West County Receives $500,000 Grant for Safe Routes to School Program
November 14, 2008
West County children are one step closer to a safe walk to school thanks to a four-year, $500,000 grant that will help implement the West Contra Costa Safe Routes to School (SRTS) program. The program, which aims to increase walking or bicycling to school, is the first in the county to receive non-infrastructure grant funds from the Federal SRTS program, which is administered by Caltrans. Contra Costa Health Services (CCHS) staff will use the funds to address both actual and perceived barriers to walking to school at seven middle schools and two elementary schools in the West Contra Costa Unified School District. West Contra Costa SRTS efforts will take place in El Cerrito, Hercules, Pinole, Richmond, San Pablo and El Sobrante.
"Many West County communities have high rates of childhood pedestrian injuries and childhood obesity," said Nancy Baer, manager of Injury Prevention and Physical Activity Promotion Projects at Contra Costa Health Services." Creating safer walking and bicycling environments, and encouraging students to walk and bike to school can help with both of these health issues."
The West Contra Costa SRTS program will evaluate environmental obstacles around schools - such as the lack of a curb ramp, crosswalk or stop sign - and establish routes that are safer for walking and bicycling. West Contra Costa Unified School District Associate Superintendent Wendell Greer added, "This exciting effort will allow our students to create safety messages and be rewarded for walking and biking to school. Even staff and parents will get to participate in this opportunity to improve safety conditions for our children."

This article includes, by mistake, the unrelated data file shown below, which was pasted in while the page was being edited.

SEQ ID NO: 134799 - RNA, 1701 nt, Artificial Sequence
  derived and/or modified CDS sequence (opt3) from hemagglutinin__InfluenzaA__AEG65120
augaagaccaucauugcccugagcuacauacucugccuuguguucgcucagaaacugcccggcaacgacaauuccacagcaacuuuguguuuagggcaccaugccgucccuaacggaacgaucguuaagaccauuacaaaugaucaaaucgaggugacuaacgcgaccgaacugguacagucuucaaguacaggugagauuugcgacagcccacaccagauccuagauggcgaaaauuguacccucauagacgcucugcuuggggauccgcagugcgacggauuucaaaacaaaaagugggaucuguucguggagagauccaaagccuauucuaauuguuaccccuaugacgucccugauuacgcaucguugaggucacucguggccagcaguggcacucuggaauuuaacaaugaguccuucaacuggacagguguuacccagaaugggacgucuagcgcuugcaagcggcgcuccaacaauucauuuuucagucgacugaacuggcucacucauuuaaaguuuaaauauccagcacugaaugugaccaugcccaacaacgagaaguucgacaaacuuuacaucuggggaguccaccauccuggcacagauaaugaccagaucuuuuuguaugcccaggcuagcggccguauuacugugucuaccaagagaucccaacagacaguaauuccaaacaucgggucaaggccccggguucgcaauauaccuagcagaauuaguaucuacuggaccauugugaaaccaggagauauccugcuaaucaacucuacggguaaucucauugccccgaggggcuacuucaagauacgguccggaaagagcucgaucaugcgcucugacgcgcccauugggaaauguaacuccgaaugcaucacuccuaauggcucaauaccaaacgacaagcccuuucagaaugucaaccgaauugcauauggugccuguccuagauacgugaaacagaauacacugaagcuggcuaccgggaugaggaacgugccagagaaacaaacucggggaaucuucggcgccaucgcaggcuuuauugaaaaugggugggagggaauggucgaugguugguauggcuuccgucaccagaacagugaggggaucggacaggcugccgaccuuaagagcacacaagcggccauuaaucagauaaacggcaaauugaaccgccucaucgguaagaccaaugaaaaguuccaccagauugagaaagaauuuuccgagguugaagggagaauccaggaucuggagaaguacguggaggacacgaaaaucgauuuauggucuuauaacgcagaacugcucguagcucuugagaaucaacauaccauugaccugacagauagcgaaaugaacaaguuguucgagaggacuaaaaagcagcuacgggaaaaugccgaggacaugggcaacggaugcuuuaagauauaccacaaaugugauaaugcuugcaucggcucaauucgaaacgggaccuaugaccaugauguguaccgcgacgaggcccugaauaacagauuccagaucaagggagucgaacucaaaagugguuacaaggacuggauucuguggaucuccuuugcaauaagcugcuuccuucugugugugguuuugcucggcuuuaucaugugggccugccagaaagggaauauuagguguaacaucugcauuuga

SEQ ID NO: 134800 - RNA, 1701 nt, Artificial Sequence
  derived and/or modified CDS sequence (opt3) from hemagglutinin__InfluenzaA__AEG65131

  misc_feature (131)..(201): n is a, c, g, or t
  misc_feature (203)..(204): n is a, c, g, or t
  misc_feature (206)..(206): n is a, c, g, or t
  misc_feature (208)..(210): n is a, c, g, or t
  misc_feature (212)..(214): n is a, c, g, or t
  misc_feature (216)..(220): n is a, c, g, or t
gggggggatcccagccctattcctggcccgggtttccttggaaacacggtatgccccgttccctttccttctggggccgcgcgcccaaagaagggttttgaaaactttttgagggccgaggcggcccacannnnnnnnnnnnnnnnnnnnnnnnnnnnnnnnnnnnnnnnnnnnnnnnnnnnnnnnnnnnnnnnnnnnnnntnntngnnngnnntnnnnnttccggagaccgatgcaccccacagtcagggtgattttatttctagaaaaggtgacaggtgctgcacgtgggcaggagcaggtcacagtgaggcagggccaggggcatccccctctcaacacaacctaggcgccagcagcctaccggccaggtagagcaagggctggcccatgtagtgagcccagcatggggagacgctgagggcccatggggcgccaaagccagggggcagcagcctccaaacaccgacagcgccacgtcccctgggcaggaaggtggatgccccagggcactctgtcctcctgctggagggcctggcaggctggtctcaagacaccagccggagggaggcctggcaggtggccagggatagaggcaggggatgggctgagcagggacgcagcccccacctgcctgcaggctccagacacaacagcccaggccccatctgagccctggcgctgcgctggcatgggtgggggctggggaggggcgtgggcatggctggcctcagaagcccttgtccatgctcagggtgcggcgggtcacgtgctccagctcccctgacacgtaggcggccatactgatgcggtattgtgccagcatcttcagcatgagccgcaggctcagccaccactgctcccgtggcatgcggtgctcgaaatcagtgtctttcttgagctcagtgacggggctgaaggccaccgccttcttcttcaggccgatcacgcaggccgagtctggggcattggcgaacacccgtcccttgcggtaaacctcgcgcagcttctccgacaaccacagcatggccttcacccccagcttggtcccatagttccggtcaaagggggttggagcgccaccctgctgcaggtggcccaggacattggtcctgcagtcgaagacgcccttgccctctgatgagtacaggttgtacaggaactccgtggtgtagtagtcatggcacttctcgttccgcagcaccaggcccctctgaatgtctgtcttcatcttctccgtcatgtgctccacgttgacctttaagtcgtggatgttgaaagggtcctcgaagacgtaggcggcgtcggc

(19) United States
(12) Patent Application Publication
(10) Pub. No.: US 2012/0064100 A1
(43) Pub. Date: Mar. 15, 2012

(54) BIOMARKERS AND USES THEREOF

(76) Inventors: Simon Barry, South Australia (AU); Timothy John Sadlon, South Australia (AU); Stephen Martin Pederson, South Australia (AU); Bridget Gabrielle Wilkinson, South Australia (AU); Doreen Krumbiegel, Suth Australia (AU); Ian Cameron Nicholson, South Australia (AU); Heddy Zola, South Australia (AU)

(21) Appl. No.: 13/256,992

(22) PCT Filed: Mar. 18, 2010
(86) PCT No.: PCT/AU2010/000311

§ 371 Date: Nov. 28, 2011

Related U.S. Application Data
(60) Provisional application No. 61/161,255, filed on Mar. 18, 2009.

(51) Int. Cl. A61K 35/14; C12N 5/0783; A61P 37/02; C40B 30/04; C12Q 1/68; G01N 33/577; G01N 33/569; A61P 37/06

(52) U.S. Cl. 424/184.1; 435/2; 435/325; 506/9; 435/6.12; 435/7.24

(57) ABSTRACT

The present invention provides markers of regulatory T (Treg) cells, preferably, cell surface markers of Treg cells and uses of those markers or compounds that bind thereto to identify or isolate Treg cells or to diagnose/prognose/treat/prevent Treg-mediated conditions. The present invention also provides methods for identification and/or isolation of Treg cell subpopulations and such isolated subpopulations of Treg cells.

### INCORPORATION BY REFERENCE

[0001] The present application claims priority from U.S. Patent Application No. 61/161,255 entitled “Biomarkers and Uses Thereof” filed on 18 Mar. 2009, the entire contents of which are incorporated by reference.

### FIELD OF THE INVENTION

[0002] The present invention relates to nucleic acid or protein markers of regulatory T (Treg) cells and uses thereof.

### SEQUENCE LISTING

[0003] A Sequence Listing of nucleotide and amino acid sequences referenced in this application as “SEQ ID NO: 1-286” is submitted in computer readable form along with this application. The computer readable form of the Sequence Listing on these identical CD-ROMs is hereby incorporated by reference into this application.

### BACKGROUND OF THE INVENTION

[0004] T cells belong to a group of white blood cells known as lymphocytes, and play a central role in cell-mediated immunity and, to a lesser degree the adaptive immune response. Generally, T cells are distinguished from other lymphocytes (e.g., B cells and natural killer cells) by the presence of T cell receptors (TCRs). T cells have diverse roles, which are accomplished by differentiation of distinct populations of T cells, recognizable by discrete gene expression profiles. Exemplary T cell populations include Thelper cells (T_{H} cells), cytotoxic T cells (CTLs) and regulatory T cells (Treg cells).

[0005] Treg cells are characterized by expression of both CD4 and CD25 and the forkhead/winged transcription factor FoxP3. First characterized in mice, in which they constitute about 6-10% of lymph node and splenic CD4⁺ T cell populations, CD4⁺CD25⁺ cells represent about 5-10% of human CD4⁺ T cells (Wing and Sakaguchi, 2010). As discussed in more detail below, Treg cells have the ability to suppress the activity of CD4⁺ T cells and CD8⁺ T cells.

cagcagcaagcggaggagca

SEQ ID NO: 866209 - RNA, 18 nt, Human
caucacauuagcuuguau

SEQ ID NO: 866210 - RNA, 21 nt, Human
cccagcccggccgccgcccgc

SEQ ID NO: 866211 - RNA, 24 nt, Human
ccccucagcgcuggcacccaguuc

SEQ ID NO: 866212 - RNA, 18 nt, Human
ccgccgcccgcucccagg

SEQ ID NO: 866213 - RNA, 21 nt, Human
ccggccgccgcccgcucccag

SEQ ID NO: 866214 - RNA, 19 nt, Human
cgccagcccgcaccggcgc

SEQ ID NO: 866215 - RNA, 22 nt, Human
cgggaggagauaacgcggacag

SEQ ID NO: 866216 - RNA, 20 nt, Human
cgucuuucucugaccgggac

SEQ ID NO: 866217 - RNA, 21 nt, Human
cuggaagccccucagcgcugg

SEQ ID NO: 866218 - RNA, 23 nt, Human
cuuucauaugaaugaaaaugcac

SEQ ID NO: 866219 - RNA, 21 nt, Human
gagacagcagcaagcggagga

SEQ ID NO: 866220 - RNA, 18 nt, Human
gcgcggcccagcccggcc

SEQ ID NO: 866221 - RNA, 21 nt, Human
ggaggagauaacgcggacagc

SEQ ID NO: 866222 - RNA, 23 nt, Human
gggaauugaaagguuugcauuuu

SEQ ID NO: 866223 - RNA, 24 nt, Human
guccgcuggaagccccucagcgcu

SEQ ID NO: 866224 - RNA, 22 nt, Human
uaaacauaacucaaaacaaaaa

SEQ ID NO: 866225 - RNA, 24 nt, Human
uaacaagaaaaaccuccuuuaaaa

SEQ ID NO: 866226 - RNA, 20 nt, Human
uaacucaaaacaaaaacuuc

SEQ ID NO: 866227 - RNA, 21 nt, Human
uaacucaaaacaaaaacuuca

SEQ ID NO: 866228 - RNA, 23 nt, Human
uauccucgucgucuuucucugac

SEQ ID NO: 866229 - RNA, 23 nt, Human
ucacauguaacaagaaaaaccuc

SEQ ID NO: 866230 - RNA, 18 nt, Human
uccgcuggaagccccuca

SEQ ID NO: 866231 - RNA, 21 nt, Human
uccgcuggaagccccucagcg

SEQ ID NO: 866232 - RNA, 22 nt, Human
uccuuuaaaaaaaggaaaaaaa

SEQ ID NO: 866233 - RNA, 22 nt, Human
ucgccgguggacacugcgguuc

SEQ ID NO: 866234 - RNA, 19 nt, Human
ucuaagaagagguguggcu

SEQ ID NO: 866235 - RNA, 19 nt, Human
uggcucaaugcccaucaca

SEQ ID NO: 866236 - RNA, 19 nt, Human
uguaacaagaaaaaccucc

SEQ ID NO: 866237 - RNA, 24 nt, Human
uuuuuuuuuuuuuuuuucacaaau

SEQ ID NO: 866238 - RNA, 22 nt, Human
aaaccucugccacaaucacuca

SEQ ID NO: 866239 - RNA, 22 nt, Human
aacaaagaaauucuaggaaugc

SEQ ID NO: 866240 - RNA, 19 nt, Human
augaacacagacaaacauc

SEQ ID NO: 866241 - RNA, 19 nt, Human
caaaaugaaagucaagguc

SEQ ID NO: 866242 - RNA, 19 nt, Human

Other agencies involved include the West Contra Costa Transportation Advisory Committee and Cycles of Change, which provides bicycle safety education. A West Contra Costa SRTS Coalition will be formed as a forum for planning and information sharing, Baer said.
"We're hoping not only to increase the number of children who walk or bike to school, but encourage lifelong active living." Baer said.
For more information about CCHS, visit www.cchealth.org
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